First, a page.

A team of scientists from NASA’s Perseverance mission have collected the first samples of water-altered Martian rocks that can be transported to Earth, providing the first step toward finding out whether or not the Red Planet harbors life. rock samples It comes from the floor of Jezero crater, It was chosen as a place to study because it has a large river delta that was in its day It flowed into an ancient lake.
Scientists believe that watery Mars could have supported life billions of years ago. “These kinds of environments in Earth is where life thrives. The goal of the Jezero delta and crater exploration is to search these once-inhabited environments for rocks that may contain evidence of ancient life,” explains astrobiologist and geology professor at the University of Florida (US) Amy Williams, one of the longtime planners. scope for NASA’s Perseverance mission and help determine where to send the rover and which tests and samples to prioritize.
The rover explores the river delta to collect it More rock samples for the Mars sample return mission. Led by NASA’s Jet Propulsion Laboratory, Perseverance touched down at the bottom of the Jezero Crater in February 2021. Since then, scientists have explored the geological makeup of the crater’s floor using an array of instruments aboard the spacecraft. The chemical composition of the rocks, as well as seeing their underground structure.
The science team discovered it The pit floor eroded more than expected. Erosion revealed a crater made of rocks formed from lava and magma, known as igneous rocks. Scientists originally expected that sedimentary rocks from lakes or deltas would lie on top of these igneous rocks. It might be a file Softer sedimentary rocks They will erode over the centuries, leaving the most resistant igneous rocks behind.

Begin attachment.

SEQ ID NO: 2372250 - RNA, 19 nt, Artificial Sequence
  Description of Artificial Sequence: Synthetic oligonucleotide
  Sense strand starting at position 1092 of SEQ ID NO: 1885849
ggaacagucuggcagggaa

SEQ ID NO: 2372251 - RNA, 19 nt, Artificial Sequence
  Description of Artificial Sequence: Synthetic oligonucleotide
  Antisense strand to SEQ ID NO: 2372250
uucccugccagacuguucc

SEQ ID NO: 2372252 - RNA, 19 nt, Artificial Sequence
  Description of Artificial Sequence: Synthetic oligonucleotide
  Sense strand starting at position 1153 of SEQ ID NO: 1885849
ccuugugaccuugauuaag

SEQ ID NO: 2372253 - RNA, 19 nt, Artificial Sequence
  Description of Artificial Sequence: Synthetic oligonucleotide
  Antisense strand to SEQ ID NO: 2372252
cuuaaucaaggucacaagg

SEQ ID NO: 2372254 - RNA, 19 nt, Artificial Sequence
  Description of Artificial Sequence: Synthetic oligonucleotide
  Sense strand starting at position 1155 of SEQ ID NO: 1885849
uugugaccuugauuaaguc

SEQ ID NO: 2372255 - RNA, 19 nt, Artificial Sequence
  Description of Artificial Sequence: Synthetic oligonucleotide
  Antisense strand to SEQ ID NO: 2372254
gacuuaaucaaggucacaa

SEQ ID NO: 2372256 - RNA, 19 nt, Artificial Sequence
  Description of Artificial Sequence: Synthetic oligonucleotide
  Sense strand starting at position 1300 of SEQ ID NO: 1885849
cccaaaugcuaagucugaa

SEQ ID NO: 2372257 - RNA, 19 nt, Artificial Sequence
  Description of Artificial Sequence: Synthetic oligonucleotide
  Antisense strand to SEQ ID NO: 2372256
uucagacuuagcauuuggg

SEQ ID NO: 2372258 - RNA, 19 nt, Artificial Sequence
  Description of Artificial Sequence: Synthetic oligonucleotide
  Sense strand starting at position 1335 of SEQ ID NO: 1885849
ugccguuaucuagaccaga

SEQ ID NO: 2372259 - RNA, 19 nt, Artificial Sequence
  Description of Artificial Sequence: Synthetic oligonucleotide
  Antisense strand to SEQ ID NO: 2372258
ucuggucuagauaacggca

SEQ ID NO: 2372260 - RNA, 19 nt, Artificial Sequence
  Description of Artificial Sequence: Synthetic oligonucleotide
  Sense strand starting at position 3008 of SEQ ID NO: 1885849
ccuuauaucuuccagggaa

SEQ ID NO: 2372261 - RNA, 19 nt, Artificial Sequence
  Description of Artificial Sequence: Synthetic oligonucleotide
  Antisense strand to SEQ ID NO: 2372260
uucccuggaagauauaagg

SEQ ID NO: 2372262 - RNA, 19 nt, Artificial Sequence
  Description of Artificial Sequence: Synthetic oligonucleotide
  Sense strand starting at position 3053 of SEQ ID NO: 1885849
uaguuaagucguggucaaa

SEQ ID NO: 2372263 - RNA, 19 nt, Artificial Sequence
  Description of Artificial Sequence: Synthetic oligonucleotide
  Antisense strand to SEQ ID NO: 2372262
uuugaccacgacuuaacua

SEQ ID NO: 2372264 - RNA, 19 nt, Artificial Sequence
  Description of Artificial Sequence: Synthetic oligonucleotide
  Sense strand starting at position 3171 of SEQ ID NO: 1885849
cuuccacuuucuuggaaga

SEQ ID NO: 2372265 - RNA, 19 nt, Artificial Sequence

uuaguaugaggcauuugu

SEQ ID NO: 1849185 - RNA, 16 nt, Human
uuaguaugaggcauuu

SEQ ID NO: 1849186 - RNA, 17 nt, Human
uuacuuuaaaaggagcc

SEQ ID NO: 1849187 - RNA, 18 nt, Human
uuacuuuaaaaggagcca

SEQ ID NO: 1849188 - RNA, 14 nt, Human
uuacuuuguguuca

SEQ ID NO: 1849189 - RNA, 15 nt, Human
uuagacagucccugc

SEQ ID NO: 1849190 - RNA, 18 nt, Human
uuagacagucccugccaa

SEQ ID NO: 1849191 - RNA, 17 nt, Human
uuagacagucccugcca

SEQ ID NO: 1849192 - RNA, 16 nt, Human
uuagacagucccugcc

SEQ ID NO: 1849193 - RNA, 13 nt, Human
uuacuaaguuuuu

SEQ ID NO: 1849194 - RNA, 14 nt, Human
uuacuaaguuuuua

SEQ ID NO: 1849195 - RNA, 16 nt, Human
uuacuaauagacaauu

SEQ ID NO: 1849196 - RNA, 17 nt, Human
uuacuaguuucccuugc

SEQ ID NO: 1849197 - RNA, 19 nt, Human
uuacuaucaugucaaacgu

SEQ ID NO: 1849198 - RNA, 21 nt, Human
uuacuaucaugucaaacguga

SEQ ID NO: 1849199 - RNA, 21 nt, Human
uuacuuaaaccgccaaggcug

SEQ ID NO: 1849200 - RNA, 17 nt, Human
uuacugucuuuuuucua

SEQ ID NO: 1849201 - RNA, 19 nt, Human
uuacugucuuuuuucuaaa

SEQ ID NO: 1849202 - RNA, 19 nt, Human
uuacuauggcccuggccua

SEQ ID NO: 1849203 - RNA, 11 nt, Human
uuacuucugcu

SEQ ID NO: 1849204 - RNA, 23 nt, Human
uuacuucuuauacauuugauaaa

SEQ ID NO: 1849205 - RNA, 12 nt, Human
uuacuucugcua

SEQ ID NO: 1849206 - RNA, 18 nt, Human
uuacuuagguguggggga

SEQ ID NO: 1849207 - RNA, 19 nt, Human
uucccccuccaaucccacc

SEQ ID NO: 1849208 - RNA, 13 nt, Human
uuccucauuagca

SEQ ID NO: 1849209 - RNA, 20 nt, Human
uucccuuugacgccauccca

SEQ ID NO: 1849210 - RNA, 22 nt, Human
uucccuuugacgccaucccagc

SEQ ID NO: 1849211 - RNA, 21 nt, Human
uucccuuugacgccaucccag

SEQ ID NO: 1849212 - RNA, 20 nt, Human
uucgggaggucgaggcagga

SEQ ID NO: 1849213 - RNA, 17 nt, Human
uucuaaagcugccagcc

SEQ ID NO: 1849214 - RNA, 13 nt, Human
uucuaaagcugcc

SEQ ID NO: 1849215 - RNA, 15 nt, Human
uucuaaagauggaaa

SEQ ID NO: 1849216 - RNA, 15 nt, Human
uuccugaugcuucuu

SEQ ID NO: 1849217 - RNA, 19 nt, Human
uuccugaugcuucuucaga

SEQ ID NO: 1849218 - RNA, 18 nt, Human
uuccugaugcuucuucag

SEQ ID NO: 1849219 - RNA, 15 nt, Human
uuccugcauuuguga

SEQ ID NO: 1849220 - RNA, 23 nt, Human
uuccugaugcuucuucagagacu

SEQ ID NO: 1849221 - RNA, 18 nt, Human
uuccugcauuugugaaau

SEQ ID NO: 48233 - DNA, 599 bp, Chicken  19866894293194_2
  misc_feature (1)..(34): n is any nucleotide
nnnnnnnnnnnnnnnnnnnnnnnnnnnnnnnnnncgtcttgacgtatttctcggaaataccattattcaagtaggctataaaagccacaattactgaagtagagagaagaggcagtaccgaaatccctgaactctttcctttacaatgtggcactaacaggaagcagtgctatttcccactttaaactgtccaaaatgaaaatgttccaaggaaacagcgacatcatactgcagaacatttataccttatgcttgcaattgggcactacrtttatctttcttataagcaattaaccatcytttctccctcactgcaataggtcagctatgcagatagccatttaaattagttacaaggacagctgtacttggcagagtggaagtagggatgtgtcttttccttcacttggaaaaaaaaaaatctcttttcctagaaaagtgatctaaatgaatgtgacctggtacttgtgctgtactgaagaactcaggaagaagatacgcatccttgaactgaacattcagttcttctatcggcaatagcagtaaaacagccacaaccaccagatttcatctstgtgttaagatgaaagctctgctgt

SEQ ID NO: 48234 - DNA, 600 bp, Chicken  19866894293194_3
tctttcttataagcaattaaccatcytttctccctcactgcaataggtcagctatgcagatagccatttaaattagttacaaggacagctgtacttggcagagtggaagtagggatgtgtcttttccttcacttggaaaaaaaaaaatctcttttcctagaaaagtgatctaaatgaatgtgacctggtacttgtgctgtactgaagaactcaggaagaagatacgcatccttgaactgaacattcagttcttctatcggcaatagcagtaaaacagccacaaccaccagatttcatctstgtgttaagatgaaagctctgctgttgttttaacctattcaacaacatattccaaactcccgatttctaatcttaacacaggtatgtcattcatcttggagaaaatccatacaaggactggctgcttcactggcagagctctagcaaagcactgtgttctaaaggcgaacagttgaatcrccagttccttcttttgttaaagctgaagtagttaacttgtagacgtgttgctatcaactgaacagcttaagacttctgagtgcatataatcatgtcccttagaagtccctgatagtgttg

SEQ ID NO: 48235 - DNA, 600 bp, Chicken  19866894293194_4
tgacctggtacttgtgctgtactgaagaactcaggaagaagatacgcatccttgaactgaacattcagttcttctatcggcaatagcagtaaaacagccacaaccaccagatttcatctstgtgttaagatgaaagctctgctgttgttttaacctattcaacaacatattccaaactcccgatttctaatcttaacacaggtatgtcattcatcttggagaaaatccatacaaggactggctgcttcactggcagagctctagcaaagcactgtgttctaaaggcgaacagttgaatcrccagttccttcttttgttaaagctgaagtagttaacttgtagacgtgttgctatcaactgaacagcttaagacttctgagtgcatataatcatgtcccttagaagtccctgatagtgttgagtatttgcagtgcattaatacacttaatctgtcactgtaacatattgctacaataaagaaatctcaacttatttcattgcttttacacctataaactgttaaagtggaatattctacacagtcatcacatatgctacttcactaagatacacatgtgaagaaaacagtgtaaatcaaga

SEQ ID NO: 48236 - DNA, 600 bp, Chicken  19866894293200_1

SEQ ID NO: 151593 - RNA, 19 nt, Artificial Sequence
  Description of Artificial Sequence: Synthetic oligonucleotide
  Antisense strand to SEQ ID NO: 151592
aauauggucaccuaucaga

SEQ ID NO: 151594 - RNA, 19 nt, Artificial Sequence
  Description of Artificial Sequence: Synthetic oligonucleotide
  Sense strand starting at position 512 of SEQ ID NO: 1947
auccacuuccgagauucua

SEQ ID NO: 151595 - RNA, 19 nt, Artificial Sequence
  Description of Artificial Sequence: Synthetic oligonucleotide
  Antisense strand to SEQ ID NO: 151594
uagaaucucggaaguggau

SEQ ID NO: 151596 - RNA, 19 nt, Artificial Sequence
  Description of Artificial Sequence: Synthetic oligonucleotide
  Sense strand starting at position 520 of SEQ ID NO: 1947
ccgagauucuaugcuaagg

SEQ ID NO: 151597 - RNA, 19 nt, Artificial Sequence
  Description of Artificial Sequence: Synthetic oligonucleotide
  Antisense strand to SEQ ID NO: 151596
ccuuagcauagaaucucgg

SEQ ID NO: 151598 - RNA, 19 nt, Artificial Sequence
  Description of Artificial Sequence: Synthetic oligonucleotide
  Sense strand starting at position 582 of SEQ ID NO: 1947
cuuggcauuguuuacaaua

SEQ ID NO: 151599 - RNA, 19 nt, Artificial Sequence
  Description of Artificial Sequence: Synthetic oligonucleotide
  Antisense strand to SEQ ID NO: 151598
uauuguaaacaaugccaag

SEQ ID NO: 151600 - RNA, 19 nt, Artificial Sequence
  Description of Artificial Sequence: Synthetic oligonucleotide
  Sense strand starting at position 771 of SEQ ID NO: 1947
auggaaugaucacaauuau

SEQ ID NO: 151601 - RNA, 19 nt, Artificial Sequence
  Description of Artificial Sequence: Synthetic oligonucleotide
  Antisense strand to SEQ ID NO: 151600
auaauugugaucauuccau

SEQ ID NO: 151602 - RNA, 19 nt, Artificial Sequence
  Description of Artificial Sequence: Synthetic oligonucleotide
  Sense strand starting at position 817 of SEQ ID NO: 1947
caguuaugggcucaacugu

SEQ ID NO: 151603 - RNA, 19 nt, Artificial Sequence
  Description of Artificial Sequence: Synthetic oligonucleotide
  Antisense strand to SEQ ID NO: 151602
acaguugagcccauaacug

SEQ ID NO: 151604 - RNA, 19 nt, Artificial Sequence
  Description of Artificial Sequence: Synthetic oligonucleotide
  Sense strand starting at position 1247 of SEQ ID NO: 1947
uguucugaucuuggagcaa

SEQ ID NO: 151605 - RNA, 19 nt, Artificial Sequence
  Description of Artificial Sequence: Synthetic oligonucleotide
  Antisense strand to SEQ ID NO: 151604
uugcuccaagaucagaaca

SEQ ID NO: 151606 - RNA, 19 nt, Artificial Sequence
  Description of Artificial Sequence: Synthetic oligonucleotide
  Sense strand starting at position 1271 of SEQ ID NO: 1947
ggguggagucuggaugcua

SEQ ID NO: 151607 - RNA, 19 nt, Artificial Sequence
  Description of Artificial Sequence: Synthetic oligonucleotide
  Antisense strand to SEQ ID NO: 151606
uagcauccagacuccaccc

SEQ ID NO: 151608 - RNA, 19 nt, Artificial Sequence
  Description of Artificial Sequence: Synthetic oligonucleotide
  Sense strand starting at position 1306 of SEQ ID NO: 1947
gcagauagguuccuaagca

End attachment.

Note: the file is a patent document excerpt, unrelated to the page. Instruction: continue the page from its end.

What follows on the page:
The rocks that scientists analyzed and stored have been altered to return to Earth by water, further evidence of a watery past on Mars. “We have organisms on Earth that live in very similar rock types,” Williams recalls. “A water change of minerals has the potential to record biosignatures.”
NASA and the European Space Agency plan to return rock samples to Earth around 2033. The ambitious plan Requires building the first car It could launch from the surface of Mars and meet with an orbiter that will transport samples back to Earth.
The reward for this task will be very detailed studies of rock samples that cannot be performed on the rover. These studies include measuring the age of rocks and looking for signs of ancient life. Because rock samples from the bottom of the crater probably predate the river delta, dating these rocks will provide important information about the age of the lake. “I’m excited about what’s coming next,” Williams says.